Abstract: Avian parents and social insect colonies are victimized by interspecific brood parasites-cheats that procure costly care for their dependent offspring by leaving them in another species' nursery. Birds and insects defend themselves from attack by brood parasites; their defences in turn select counter-strategies in the parasite, thus setting in motion antagonistic co-evolution between the two parties. Despite their considerable taxonomic disparity, here we show striking parallels in the way that co-evolution between brood parasites and their hosts proceeds in insects and birds. First, we identify five types of co-evolutionary arms race from the empirical literature, which are common to both systems. These are: (a) directional co-evolution of weaponry and armoury; (b) furtiveness in the parasite countered by strategies in the host to expose the parasite; (c) specialist parasites mimicking hosts who escape by diversifying their genetic signatures; (d) generalist parasites mimicking hosts who escape by favouring signatures that force specialization in the parasite; and (e) parasites using crypsis to evade recognition by hosts who then simplify their signatures to make the parasite more detectable. Arms races a and c are well characterized in the theoretical literature on co-evolution, but the other types have received little or no formal theoretical attention. Empirical work suggests that hosts are doomed to lose arms races b and e to the parasite, in the sense that parasites typically evade host defences and successfully parasitize the nest. Nevertheless hosts may win when the co-evolutionary trajectory follows arms race a, c or d. Next, we show that there are four common outcomes of the co-evolutionary arms race for hosts. These are: (1) successful resistance; (2) the evolution of defence portfolios (or multiple lines of resistance); (3) acceptance of the parasite; and (4) tolerance of the parasite. The particular outcome is not determined by the type of preceding arms race but depends more on whether hosts or parasites control the co-evolutionary trajectory: tolerance is an outcome that parasites inflict on hosts, whereas the other three outcomes are more dependent on properties intrinsic to the host species. Finally, our review highlights considerable interspecific variation in the complexity and depth of host defence portfolios. Whether this variation is adaptive or merely reflects evolutionary lag is unclear. We propose an adaptive explanation, which centres on the relative strength of two opposing processes: strategy-facilitation, in which one line of host defence promotes the evolution of another form of resistance, and strategy-blocking, in which one line of defence may relax selection on another so completely that it causes it to decay. We suggest that when strategy-facilitation outweighs strategy-blocking, hosts will possess complex defence portfolios and we identify selective conditions in which this is likely to be the case.

168 citations


Cites background from "Evidence for egg discrimination pre..."

  • ...The largest hosts can potentially reject a parasitic egg by grasping the whole egg within their bill, but this is impossible for smaller hosts (Antonov et al., 2009; Spaw & Rohwer, 1987) who constitute the majority of avian brood parasite victims....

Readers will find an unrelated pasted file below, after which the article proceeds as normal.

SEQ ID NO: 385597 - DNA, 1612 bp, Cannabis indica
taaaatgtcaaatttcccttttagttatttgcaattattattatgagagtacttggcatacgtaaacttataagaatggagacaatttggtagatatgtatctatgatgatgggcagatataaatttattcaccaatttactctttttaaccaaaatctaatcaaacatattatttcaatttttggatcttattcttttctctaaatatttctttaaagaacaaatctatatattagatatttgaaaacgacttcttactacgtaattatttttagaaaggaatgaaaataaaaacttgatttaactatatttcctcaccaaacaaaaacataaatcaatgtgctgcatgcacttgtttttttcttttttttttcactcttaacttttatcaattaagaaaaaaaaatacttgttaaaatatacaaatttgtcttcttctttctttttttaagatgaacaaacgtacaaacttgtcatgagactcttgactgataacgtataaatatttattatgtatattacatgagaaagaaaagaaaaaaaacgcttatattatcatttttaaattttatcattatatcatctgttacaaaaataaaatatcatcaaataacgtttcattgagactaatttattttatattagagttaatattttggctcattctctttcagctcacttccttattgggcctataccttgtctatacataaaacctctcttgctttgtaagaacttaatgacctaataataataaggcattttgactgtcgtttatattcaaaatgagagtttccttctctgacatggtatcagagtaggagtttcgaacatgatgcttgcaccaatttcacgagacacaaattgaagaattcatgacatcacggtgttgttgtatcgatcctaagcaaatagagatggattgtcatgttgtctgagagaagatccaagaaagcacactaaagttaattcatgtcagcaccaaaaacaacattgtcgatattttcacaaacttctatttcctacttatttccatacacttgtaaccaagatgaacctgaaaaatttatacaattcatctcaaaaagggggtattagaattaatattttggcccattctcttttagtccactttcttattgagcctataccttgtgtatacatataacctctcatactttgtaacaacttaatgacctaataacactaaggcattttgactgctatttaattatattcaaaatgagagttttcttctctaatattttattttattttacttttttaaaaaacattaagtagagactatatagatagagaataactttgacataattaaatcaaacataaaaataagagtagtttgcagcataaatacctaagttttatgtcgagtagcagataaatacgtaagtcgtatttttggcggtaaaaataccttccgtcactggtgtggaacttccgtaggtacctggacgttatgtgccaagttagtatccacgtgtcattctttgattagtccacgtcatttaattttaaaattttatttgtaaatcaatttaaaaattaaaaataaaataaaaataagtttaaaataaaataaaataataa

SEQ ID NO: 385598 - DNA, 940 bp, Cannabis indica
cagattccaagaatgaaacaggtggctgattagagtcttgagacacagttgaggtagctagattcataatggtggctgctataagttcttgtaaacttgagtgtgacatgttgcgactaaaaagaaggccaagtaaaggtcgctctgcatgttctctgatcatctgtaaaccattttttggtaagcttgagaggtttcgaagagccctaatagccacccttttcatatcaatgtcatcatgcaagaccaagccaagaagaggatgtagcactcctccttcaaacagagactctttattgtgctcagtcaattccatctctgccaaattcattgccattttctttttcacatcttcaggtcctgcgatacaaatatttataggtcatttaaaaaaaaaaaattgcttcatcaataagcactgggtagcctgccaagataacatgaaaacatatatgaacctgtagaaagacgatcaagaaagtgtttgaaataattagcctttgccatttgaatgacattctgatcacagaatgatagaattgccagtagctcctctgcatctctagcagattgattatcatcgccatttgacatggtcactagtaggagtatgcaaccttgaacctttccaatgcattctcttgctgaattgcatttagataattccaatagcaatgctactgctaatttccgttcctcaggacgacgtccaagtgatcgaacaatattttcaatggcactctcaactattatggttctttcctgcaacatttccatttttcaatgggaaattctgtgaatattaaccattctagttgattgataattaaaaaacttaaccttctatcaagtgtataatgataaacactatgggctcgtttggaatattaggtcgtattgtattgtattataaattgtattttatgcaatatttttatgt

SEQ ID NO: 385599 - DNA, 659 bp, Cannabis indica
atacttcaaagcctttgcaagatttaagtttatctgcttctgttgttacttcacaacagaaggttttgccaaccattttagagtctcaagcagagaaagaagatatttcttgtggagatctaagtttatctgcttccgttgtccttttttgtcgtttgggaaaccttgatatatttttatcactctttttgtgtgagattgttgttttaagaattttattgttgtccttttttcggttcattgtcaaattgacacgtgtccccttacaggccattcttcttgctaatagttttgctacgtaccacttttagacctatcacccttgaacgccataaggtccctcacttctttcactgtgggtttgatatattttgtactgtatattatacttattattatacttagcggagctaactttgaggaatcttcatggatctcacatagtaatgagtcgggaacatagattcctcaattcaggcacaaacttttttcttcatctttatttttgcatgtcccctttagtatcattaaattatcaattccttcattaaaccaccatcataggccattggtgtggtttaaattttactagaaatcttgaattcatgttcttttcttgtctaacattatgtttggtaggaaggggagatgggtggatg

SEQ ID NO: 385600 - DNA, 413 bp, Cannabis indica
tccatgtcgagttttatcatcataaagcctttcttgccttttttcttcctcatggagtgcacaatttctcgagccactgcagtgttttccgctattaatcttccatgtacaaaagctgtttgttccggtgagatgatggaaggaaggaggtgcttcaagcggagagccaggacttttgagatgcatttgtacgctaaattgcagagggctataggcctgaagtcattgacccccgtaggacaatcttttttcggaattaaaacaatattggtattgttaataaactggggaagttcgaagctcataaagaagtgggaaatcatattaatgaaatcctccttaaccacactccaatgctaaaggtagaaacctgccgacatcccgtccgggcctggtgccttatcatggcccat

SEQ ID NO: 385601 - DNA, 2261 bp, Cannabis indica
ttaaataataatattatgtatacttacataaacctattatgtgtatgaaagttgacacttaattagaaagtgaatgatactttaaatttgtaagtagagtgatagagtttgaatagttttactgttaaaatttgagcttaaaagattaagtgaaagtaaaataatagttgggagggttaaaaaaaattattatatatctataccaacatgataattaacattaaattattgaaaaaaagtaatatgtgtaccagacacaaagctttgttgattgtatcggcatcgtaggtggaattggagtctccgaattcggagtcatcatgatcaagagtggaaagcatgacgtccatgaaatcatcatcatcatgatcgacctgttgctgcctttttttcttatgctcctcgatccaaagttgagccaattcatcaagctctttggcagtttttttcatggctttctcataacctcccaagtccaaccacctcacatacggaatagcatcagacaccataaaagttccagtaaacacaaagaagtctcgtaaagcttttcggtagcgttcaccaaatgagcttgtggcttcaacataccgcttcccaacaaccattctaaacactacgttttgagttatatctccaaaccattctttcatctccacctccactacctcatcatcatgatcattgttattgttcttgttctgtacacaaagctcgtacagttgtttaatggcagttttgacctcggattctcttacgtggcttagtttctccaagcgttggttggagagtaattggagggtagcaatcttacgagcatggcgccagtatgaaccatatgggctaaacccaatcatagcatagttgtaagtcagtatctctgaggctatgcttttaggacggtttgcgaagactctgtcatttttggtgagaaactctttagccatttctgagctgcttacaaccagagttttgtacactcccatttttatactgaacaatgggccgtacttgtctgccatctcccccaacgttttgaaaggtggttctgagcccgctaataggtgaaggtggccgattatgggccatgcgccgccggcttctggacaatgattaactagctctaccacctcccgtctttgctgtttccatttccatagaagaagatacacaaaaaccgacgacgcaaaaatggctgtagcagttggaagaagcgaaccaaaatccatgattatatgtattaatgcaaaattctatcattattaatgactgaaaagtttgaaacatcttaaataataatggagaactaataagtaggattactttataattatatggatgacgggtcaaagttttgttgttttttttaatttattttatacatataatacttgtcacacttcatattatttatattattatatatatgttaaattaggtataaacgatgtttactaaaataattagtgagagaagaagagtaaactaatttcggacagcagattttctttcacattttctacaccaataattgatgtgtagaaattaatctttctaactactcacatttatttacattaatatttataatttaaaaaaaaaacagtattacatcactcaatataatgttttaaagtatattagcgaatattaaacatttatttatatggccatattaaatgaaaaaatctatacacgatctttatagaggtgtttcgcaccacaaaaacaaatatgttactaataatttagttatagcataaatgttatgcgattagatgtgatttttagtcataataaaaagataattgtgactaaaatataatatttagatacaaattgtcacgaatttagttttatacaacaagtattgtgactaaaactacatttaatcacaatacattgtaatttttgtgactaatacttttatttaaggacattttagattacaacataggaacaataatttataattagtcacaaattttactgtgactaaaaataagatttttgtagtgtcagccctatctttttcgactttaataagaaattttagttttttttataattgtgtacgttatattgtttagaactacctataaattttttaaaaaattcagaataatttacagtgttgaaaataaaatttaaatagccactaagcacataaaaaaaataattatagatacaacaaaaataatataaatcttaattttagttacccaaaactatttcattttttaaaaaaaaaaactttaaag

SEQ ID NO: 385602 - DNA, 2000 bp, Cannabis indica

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Journal ArticleDOI
TL;DR: The incorporation of frontline interactions in empirical and theoretical investigations of brood parasite–host arms races are advocated to provide a more holistic understanding of the coevolutionary processes in these systems.
Abstract: The interactions between avian interspecific brood parasites and their hosts provide tractable and informative systems for investigating coevolution. Generally, these investigations have emphasized the egg and chick stages of the coevolutionary arms race; however, recent studies demonstrate that coevolution operates at all stages of the host nesting cycle and emphasize the importance of reciprocal adaptations prior to deposition of the parasite egg in the host nest: the ‘frontline’ of the arms race. Here we review the diversity of adaptations at the frontline and its implications for our understanding of brood parasite–host relationships. Coevolution at the frontline can fundamentally shape the life histories, morphologies, physiologies and behaviours of both brood parasites and their hosts, and influences the trajectories and outcomes of their subsequent coevolutionary interactions. We advocate the incorporation of frontline interactions in empirical and theoretical investigations of brood parasite–host arms races to provide a more holistic understanding of the coevolutionary processes in these systems.

135 citations


Cites background from "Evidence for egg discrimination pre..."

  • ...In response, brood parasites have evolved counteradaptations including mimicry of host eggs (Avilés et al. 2010; Spottiswoode & Stevens 2010; Stoddard & Stevens 2010), cryptic eggs (Marchant 1972; Langmore et al. 2009b) and thickened eggshells (Brooker & Brooker 1991; Antonov et al. 2009)....

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  • ...2009b) and thickened eggshells (Brooker & Brooker 1991; Antonov et al. 2009)....

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Journal ArticleDOI
TL;DR: Hosts rejected their own eggs and manipulated (‘parasitic’) eggs above control levels in experiments when manipulated eggs were in the majority but when clutches also included a minority of own eggs, supporting a mechanism of template-based egg discrimination.